Firefighting resources can get stretched thin this time of year as multiple brush fires break out. It’s important that homeowners do their part to mitigate the threat of wildfire by creating defensible space around their homes.
First and foremost, dead, dry and woody vegetation must be removed. Plant material near structures should be regularly irrigated and well maintained, ornamentals, low-growing fire retardant shrubs, low-growing turf and succulent ground cover. Most guidelines will encourage the use of native plant materials especially in non-irrigated areas. Avoid planting in large clusters. It’s best to create small planter beds or islands.
Here are a few guidelines for creating a defensible space to help reduce the spread of wildfires. Again, be sure to check with your local and state authorities for specific regulations in your area.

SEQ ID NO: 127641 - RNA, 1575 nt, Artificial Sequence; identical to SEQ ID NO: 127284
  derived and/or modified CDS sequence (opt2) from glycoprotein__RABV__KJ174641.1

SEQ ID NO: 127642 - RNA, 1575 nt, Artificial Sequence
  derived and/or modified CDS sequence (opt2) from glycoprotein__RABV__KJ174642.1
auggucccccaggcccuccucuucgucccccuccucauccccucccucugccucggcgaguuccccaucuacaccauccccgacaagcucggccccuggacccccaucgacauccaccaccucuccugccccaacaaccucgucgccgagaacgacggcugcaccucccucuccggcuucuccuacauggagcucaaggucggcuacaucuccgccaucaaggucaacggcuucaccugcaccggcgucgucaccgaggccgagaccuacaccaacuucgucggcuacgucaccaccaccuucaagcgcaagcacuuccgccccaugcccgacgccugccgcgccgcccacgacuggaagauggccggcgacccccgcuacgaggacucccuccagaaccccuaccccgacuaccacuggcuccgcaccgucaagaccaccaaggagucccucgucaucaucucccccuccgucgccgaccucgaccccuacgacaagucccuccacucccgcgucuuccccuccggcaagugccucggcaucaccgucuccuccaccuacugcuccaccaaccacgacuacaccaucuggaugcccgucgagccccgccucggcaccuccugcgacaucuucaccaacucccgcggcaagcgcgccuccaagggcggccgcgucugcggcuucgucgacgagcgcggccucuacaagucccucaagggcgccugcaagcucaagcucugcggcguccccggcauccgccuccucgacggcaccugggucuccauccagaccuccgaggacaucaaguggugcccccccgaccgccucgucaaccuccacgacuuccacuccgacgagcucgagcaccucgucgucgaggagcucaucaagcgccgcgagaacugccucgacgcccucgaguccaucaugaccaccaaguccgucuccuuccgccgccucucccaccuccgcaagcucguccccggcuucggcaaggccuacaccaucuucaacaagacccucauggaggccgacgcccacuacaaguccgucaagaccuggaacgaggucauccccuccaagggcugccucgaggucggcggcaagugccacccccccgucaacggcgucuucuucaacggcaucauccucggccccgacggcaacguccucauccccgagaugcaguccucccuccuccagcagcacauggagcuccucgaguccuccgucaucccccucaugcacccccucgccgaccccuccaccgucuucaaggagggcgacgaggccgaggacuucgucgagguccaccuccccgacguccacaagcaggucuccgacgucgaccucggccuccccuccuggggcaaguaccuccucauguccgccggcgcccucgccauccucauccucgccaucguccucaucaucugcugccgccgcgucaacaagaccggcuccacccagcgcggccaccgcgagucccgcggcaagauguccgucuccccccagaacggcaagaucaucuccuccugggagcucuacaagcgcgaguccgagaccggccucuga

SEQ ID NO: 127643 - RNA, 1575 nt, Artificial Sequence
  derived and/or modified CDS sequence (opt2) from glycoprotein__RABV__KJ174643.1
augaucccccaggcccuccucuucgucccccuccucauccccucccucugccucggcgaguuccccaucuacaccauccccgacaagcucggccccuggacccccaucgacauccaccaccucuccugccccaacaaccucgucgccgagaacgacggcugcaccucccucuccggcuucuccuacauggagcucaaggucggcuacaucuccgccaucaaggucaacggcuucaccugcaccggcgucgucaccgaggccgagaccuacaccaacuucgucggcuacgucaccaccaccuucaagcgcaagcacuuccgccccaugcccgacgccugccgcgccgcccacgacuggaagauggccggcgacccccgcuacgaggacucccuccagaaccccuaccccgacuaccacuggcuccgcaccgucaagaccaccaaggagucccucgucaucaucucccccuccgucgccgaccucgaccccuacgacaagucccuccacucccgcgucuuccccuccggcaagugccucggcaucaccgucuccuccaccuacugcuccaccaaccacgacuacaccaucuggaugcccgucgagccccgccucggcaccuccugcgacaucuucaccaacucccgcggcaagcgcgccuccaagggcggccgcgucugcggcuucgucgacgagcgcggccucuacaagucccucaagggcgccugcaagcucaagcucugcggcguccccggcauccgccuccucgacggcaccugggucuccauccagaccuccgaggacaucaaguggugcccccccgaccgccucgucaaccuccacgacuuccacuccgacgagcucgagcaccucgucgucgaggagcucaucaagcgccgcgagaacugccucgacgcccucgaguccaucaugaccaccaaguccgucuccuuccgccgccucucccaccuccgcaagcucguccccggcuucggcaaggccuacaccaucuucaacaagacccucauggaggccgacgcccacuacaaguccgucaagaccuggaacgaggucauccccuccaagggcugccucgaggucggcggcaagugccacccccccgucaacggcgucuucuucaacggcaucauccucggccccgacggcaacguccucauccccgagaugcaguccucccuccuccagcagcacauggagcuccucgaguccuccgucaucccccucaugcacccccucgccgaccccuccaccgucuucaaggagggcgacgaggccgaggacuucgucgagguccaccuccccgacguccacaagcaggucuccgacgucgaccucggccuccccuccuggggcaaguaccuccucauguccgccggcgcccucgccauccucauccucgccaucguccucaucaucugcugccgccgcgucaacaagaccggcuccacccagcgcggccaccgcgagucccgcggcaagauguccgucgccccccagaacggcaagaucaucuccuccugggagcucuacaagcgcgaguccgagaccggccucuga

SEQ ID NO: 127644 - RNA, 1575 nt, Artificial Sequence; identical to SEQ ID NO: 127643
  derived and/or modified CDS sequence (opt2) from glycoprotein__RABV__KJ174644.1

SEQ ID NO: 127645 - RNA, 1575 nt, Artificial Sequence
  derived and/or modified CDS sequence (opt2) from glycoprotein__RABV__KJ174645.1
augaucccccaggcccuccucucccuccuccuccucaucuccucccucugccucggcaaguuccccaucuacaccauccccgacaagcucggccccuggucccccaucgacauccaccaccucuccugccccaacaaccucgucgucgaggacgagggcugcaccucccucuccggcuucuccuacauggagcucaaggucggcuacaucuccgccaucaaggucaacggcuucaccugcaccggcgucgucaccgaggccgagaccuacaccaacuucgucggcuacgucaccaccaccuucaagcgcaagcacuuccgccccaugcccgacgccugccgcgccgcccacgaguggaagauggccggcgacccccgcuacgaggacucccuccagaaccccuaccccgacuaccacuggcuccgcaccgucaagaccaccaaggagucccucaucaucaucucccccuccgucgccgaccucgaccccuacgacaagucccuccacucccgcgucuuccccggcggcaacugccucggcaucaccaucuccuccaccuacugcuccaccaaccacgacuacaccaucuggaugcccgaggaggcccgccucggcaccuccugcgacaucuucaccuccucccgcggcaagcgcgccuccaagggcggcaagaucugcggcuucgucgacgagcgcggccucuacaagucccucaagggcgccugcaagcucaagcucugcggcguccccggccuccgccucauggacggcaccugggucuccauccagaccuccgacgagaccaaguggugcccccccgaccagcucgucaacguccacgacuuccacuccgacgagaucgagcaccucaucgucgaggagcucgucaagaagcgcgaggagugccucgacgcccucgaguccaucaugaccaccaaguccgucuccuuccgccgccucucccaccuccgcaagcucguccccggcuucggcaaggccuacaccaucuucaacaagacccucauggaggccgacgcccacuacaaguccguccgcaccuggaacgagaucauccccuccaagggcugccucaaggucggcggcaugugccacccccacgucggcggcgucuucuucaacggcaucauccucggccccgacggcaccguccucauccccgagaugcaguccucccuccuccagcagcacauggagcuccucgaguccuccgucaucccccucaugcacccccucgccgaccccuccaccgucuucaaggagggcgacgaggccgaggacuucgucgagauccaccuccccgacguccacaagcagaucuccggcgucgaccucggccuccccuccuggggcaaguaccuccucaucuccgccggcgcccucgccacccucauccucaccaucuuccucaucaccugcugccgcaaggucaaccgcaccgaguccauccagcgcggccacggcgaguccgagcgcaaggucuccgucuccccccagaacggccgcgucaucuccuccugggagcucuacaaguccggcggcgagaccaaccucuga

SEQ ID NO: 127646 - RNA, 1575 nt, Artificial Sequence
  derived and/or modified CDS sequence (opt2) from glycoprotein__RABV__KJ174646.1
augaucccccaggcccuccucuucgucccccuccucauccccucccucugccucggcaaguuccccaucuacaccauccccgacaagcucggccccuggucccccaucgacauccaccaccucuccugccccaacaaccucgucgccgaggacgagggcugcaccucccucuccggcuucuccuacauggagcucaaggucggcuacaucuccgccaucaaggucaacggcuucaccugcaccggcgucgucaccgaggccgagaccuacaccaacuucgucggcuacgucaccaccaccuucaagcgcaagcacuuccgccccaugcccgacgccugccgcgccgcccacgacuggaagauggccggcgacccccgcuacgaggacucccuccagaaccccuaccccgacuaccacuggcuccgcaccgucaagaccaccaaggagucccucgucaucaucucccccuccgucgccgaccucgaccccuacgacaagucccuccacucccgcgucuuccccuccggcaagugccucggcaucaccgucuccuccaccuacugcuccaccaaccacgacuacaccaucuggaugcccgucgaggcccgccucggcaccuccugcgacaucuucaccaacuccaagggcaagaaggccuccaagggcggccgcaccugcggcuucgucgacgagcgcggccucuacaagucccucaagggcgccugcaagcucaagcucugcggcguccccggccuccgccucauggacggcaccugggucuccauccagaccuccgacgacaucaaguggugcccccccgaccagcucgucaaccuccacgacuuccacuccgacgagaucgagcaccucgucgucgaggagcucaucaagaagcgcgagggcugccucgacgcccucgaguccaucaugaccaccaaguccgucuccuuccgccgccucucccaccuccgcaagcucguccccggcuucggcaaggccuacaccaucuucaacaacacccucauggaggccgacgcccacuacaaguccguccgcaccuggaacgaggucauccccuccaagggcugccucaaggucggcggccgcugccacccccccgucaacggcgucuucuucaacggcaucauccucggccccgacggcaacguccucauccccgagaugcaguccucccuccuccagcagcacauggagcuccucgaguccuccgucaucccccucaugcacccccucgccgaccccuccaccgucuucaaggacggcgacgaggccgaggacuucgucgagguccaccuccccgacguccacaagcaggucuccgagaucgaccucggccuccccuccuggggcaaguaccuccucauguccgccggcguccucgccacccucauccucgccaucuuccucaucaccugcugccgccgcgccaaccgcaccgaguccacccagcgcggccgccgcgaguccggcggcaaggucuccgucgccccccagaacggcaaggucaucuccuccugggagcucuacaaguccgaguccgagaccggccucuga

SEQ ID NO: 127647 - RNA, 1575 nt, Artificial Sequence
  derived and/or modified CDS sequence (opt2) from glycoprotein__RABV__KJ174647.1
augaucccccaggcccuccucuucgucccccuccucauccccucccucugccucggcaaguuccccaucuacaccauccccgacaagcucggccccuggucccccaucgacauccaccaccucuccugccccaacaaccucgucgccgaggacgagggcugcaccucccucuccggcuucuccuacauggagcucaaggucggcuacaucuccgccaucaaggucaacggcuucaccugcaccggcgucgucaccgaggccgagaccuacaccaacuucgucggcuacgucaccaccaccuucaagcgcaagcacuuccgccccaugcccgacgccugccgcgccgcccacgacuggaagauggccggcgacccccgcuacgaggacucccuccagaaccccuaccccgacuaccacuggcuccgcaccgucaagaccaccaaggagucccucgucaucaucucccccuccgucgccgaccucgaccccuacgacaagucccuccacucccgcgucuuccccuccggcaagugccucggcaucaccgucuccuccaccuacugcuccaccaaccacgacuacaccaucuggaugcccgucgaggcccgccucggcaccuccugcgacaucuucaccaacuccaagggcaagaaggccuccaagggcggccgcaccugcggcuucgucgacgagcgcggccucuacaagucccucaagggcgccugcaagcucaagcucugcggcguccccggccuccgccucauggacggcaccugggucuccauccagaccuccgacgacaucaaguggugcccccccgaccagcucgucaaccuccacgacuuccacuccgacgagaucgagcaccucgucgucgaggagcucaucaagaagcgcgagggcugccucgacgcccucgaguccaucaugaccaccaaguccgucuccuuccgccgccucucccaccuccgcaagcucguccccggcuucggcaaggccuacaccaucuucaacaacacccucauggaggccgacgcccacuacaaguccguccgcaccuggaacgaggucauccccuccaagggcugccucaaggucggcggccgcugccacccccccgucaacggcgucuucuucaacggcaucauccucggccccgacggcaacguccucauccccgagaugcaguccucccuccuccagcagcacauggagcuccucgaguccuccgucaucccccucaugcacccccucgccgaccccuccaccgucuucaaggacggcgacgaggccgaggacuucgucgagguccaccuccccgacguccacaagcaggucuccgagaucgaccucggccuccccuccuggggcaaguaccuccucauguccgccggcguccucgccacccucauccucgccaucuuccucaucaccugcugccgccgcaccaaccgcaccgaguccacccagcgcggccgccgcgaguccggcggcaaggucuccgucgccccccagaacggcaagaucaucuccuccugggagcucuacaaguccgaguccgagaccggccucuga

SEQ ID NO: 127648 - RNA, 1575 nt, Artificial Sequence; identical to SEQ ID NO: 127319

• Remove dead and overhanging branches.
• Remove any branches within 10 feet of chimney vent.
• Clean all dead leaves and needles from roof and gutters.
• Install a roof that meets the fire resistance classification of Class C or better.
• Cover chimney outlet with a nonflammable screen of 1/4 inch or smaller mesh. Brand Guard Vents are a great alternative.
• Stack woodpiles at least 30 feet from all structures, fences, and other combustible material.
• Remove all stacks of construction materials, pine needles, leaves and other debris.
• Keep lawn chairs, umbrellas, and other canvas furniture a safe distance from structures
• Clear all vegetation and other combustible or flammable materials from beneath deck area.
• Enclose underside of elevated decks with resistant materials.
• Refrain from dumping lawn clippings in canyons.
• Identify at least two exit routes from your neighborhood.
• Make sure street names and house numbers are clearly visible.
• Designate an emergency meeting place outside your neighborhood.
• Immediately evacuate the area when ordered by police or fire personnel.
Contact your local Fire Department for additional information.
Fire Chief Sam DiGiovanna